The role of uterine arteries Doppler indices in assisting decision-making for intramural fibroid removal in patients with infertility before in vitro fertilization

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Obstet Gynecol Sci. 2023;66(5):457-458
Publication date (electronic) : 2023 July 3
doi :
1Department of Obstetrics and Gynecology, Maternal-Fetal Neonatal Research Center, Valiasr Hospital, Tehran, Iran
2Department of Obstetrics and Gynecology, Shariati Hospital, Tehran University of Medical Sciences, Tehran, Iran
3Department of Obstetrics and Gynecology, Boston Children Hospital, Boston, MA, USA
Corresponding author: Maasoumeh Saleh, MD, Department of Obstetrics and Gynecology, Shariati Hospital, Tehran University of Medical Sciences, Ahmad Hwy, Tehran 14117 13135, Iran, E-mail:
Received 2023 February 15; Revised 2023 April 24; Accepted 2023 June 13.

Dear editor, fibroids are relatively common in women. There are many challenges in treating patients with intramural fibroids before in vitro fertilization (IVF). The size of intramural fibroids and the consequent cavity distortion, accompanying morbidities, expense, and delay in fertility therapies are the most investigated aspects. Despite several studies, there is no clear agreement regarding the management of these fibroids before IVF to promote fertility.

Different ultrasonographic techniques have been developed to evaluate endometrial receptivity. Previous studies have shown that the mean uterine artery (UtA) Doppler index is higher in women with unexplained infertility than in fertile women [1]. Also, it was found in the study by Cacciatore and Tiitinen [2] that there was a substantial difference between the IVF and natural cycles in terms of the uterine artery pulsatility index (PI), with a mean reduction of 18%. This demonstrates that stimulating superovulation decreases the impedance of uterine circulation to flow [2]. The UtA PI and resistive index may be utilized as non-invasive factors prior to human chorionic gonadotropin stimulation to predict the results of IVF, as shown in a previous study [3]. UtA Doppler indices, which are useful for predicting pregnancy complications, including malplacentation and preeclampsia (PE), may also be used to evaluate uterine receptivity. The evidence is limited to fibroids that may or may not affect UtA Doppler indices. Theoretically, decreased fertility may result from uterine fibroids that reduce blood flow [4]. Further research is needed to determine which types of fibroids, in what locations, and with what sizes and shapes may affect UtA Doppler indices. Before that, the normal range for non-pregnant women is needed as a baseline for comparison, and it may even be essential to adjust this value for the induction of ovulation medicines and UtAs Doppler changes in infertile women. Therefore, it may be better to define our normal population as women who are infertile during the IVF cycle. However, measurements taken far above the uterine-iliacarterial junction, as well as those taken transvaginally, result in considerable variations in the mean UtA-PI [5]; therefore, the same method should be used for all cases. There are insufficient data to determine whether UtAs Doppler indices (particularly increased PI) can help predict the need for intramural fibroid removal prior to IVF based on their effect on endometrial receptivity and pregnancy outcomes such as miscarriage, PE, and fetal growth restriction. In the future, the use of these Doppler indices along with other factors may help patients benefit from intramural fibroid removal before IVF.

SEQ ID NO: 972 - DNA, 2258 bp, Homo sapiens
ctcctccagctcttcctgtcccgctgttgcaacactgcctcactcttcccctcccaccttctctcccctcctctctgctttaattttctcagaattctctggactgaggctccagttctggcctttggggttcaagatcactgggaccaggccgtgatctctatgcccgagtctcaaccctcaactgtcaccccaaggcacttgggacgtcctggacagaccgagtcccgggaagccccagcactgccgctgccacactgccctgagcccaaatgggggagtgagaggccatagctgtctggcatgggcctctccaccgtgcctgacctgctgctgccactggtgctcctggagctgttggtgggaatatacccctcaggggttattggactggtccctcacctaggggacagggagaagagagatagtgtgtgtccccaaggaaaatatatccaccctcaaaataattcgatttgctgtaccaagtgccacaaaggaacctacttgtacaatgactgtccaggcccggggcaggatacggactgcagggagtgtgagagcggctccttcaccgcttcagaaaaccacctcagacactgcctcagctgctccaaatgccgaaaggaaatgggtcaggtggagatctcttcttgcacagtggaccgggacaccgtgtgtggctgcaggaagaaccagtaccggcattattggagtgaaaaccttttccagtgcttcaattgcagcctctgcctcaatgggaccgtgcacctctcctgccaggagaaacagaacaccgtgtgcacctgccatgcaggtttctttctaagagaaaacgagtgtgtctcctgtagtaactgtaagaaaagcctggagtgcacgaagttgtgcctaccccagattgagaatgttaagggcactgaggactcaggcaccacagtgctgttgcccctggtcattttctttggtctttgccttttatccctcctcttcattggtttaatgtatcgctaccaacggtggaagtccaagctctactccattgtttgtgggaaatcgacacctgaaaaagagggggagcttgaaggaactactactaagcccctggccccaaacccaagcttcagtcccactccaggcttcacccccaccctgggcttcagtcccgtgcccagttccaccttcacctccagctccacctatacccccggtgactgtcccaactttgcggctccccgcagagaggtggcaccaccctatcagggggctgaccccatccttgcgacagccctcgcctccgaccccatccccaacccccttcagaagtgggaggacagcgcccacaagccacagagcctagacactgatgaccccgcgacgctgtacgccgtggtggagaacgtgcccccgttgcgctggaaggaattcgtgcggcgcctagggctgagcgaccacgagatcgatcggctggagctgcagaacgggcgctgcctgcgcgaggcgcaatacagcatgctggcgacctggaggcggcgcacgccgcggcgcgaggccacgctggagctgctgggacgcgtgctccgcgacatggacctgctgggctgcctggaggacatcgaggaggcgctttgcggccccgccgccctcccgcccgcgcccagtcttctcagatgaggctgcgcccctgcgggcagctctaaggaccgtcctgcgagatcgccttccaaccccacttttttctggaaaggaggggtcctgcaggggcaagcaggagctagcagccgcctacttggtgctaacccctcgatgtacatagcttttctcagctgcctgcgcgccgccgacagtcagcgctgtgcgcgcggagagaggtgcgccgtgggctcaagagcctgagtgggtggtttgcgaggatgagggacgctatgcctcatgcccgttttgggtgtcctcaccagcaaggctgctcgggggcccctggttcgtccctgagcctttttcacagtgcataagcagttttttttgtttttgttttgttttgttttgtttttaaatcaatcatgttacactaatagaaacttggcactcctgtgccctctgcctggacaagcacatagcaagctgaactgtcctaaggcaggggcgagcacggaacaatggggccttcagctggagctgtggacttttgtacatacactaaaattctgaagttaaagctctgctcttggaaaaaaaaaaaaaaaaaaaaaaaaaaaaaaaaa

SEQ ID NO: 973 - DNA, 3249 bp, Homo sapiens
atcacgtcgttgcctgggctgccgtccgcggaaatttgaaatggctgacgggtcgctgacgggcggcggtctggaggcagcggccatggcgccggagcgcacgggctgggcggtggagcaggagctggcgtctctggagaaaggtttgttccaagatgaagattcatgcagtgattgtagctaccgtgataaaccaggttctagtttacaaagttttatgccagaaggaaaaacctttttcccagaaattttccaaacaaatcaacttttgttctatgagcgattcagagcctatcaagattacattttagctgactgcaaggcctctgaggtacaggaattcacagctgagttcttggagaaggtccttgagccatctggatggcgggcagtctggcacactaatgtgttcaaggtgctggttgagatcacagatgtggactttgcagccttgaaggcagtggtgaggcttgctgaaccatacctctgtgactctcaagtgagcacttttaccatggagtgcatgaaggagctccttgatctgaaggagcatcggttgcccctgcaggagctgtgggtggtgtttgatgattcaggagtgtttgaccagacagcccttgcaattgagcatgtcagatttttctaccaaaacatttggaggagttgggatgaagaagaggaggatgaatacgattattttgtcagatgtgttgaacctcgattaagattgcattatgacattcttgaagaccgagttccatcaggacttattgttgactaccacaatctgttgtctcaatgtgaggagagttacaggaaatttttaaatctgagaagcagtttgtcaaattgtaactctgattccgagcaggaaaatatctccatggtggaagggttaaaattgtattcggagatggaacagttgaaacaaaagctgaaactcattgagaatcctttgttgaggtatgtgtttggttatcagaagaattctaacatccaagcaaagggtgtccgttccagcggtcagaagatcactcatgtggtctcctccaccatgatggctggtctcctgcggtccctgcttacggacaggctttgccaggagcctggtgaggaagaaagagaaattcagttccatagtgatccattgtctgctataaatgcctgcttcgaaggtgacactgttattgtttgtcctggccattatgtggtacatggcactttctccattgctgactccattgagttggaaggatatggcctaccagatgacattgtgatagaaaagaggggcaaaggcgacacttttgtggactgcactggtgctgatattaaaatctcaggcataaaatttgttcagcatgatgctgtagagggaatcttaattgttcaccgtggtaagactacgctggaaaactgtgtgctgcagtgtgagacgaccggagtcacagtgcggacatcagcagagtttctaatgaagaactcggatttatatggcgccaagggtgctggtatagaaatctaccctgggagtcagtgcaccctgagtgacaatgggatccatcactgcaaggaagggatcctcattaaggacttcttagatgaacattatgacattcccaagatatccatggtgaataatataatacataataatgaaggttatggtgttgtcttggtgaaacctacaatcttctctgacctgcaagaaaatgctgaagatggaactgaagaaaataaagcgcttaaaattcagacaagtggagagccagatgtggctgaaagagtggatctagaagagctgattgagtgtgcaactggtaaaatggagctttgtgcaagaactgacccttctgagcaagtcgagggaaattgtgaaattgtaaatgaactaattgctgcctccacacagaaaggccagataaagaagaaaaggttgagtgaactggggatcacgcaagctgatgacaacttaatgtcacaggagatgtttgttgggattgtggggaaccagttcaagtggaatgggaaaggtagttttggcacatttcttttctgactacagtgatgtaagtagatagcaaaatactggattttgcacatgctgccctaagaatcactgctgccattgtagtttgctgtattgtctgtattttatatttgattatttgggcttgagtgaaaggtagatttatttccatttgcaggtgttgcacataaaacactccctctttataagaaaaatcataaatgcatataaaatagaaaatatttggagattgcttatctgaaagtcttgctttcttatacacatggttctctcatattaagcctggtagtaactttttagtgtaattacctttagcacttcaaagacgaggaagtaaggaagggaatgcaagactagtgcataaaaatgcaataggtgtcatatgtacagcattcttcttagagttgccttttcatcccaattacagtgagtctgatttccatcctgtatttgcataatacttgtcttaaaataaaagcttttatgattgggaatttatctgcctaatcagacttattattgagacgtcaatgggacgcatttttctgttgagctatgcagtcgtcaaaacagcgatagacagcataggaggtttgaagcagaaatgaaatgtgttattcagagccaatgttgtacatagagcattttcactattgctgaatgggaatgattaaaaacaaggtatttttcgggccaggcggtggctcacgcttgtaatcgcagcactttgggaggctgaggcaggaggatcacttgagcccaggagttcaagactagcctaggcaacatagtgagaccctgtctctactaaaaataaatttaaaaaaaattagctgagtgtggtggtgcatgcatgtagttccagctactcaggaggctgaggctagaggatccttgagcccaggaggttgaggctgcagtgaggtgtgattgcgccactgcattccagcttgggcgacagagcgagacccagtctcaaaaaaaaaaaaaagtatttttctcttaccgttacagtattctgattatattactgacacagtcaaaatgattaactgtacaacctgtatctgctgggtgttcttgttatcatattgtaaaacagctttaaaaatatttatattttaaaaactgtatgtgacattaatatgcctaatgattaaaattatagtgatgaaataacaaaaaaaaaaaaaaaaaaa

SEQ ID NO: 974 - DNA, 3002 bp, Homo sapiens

Of note, the uterine radial artery has gained considerable attention in recent years among the uterine arteries, owing to its path through the myometrium. Moreover, investigations have demonstrated that evaluating the encircling vessels of the endometrium, specifically the endometrial spiral arteries, may offer greater insight into endometrial receptivity, as they directly affect the endometrium, in contrast to the uterine artery. Therefore, the impact of fibroids on the vascular system, including the uterine, radial, and endometrial spiral arteries, requires careful consideration of their location and size in clinical decision-making [6].


Conflict of interest

The authors have no conflicts of interest to declare.

Ethical approval

Not applicable.

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Funding information

This work was not funded by any organizations or individuals.


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